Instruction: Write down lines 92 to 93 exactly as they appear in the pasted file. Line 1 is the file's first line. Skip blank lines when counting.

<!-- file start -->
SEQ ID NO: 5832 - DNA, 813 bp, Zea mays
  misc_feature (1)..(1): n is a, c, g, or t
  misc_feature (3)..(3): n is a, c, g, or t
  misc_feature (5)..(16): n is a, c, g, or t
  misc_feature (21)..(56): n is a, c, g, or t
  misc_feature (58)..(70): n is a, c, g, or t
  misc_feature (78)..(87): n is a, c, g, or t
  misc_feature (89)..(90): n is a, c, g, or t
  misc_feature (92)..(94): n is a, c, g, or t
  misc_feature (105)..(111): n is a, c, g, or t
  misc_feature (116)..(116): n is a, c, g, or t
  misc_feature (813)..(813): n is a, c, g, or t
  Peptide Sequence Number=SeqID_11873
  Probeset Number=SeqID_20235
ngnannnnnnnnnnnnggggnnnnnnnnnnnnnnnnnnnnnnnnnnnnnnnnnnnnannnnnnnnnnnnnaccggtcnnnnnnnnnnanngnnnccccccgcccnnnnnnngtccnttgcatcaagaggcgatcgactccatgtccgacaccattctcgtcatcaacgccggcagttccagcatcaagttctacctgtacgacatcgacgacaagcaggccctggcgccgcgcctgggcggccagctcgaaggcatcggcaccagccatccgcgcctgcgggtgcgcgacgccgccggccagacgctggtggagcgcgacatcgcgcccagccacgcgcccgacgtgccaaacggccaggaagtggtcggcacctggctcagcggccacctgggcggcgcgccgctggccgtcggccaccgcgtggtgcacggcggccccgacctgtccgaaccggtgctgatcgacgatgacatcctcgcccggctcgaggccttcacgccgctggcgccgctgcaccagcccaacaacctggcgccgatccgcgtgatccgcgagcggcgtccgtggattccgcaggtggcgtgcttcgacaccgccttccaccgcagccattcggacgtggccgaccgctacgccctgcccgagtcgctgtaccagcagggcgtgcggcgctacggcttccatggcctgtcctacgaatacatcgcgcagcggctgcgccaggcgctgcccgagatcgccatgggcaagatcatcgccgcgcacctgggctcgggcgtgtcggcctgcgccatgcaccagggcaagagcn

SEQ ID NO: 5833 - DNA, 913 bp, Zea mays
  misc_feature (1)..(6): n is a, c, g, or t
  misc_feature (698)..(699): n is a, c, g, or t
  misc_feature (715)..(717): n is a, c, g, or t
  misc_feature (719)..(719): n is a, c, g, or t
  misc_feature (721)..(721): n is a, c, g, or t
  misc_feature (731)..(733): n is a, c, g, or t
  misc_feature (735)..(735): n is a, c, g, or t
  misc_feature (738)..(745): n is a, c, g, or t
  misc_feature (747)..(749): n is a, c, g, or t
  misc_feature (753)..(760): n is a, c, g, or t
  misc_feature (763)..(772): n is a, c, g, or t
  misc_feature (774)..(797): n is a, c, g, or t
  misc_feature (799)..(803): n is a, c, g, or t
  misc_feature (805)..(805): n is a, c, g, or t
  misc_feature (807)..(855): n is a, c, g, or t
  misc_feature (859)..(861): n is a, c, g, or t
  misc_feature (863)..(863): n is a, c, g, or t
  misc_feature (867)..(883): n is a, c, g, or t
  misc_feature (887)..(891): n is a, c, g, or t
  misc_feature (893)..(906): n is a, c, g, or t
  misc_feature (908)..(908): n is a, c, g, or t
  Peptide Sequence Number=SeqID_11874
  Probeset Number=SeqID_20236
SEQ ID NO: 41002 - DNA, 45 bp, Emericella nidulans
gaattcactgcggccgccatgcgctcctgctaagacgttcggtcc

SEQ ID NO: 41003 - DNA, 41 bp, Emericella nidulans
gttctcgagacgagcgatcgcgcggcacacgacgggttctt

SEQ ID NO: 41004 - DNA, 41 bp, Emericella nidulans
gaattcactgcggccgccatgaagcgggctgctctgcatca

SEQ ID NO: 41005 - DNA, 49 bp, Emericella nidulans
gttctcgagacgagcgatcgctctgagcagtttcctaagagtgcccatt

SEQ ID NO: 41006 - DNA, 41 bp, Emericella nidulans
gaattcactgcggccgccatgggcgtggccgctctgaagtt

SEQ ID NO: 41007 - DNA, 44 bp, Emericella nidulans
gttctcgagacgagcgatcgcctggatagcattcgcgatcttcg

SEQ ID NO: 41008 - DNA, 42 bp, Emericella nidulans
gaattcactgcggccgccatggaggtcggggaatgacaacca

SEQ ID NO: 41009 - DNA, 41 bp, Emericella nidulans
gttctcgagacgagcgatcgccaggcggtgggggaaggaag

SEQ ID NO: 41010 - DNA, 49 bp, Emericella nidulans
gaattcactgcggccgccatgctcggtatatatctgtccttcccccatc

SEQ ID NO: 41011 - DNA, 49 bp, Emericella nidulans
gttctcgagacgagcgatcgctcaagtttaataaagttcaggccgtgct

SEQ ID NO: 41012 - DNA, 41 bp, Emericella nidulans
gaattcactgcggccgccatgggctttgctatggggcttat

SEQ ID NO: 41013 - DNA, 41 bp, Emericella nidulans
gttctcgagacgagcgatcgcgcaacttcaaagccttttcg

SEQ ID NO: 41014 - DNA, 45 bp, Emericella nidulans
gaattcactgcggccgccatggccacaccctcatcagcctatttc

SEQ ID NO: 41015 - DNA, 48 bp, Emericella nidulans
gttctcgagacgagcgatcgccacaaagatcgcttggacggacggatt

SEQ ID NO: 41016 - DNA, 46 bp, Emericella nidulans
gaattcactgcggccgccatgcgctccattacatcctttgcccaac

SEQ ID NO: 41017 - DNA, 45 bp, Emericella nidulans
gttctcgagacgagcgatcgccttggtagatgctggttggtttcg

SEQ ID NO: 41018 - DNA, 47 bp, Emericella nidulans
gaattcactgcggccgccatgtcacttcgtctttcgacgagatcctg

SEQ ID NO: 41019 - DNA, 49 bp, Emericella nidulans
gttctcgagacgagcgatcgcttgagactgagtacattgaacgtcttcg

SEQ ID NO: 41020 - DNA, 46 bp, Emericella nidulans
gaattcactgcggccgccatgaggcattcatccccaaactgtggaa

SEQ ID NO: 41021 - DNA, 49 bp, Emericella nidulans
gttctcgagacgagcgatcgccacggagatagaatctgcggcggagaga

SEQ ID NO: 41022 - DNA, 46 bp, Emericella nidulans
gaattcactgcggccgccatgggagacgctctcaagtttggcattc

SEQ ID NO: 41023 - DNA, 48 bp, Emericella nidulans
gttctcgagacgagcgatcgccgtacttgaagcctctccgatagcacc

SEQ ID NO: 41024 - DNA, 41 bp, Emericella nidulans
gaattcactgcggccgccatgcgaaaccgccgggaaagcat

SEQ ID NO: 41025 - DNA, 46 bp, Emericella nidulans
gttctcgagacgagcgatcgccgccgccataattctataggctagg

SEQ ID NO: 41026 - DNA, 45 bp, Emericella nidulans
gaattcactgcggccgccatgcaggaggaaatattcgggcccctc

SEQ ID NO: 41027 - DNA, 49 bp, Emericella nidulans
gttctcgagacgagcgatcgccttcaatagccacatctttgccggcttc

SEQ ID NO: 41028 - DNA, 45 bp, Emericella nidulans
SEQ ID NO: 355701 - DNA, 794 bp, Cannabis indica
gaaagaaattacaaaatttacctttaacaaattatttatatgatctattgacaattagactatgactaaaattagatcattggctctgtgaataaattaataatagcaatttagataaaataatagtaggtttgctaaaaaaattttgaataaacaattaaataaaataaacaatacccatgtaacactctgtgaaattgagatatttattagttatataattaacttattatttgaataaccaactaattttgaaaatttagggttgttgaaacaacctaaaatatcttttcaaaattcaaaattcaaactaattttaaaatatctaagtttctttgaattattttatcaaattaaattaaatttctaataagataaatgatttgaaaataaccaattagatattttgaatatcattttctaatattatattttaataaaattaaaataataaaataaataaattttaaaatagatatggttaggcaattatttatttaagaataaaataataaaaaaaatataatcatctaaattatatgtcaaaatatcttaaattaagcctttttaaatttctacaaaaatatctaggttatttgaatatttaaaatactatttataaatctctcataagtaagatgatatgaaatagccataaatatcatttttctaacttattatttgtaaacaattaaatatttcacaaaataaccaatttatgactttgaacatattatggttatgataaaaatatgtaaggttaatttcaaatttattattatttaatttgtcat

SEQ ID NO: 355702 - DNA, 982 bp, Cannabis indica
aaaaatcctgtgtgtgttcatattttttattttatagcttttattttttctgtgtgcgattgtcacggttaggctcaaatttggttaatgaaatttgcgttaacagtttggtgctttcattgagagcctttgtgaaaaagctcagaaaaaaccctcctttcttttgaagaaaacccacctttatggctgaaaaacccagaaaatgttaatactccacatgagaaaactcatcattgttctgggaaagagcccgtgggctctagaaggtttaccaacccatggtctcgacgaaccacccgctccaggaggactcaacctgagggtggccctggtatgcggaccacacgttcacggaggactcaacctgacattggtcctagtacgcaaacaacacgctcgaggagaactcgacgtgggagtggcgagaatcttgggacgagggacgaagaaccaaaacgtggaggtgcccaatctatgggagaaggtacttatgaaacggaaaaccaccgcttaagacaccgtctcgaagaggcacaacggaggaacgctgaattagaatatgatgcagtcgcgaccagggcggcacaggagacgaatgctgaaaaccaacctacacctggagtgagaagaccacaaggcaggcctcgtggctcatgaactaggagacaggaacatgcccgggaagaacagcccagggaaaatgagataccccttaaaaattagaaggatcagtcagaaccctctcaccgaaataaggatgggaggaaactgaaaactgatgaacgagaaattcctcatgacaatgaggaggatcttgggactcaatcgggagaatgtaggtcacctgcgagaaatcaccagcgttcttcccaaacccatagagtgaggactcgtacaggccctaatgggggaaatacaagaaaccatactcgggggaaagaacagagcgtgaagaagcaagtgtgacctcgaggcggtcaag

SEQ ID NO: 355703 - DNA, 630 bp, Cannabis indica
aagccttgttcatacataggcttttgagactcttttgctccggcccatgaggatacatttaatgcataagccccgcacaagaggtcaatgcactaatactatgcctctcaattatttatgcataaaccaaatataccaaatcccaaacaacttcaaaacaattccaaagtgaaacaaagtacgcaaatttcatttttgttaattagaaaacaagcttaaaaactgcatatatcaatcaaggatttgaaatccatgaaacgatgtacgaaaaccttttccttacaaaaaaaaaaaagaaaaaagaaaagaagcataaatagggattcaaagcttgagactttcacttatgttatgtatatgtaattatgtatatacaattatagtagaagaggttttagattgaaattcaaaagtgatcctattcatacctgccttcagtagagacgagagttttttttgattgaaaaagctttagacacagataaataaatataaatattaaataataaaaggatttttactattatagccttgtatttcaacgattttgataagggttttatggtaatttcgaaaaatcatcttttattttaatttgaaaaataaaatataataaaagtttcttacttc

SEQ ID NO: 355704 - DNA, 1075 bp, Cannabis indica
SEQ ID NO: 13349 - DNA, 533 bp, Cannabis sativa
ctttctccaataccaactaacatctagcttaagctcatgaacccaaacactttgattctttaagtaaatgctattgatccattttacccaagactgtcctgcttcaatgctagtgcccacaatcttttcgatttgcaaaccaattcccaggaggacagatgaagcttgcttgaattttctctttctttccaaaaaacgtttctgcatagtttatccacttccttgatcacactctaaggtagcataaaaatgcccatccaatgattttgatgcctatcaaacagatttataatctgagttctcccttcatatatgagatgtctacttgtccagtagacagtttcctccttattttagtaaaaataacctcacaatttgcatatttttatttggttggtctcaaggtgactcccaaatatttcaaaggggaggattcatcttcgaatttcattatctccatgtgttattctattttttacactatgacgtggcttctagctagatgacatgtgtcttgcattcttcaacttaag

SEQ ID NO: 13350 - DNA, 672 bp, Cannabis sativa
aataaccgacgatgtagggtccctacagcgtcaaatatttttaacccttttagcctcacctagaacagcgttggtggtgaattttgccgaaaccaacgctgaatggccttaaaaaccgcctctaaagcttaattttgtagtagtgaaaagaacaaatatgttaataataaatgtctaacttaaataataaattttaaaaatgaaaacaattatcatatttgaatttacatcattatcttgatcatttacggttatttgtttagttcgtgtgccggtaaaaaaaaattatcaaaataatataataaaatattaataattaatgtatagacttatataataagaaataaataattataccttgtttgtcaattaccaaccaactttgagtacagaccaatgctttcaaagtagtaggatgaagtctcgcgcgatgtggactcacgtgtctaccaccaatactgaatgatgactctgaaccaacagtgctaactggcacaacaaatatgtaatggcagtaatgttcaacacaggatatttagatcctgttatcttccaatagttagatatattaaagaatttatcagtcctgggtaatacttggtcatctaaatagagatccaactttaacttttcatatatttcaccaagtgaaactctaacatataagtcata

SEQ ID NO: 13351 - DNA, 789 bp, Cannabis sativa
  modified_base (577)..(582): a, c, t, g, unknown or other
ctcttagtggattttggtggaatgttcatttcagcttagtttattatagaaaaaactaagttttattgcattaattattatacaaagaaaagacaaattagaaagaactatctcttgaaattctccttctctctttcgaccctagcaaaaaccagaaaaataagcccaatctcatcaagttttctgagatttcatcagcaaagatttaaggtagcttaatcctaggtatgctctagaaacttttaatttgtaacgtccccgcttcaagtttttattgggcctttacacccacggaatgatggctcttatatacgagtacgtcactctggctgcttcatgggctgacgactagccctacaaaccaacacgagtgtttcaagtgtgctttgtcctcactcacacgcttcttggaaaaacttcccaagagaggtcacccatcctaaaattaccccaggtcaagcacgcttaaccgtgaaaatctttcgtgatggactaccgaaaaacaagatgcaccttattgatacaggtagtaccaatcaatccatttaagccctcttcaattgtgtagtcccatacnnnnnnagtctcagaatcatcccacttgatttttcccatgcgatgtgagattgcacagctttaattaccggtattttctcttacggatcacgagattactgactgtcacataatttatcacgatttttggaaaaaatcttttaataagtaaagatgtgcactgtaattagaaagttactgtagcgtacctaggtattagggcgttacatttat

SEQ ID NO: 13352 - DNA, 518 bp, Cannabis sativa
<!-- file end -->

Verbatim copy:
SEQ ID NO: 41028 - DNA, 45 bp, Emericella nidulans
SEQ ID NO: 355701 - DNA, 794 bp, Cannabis indica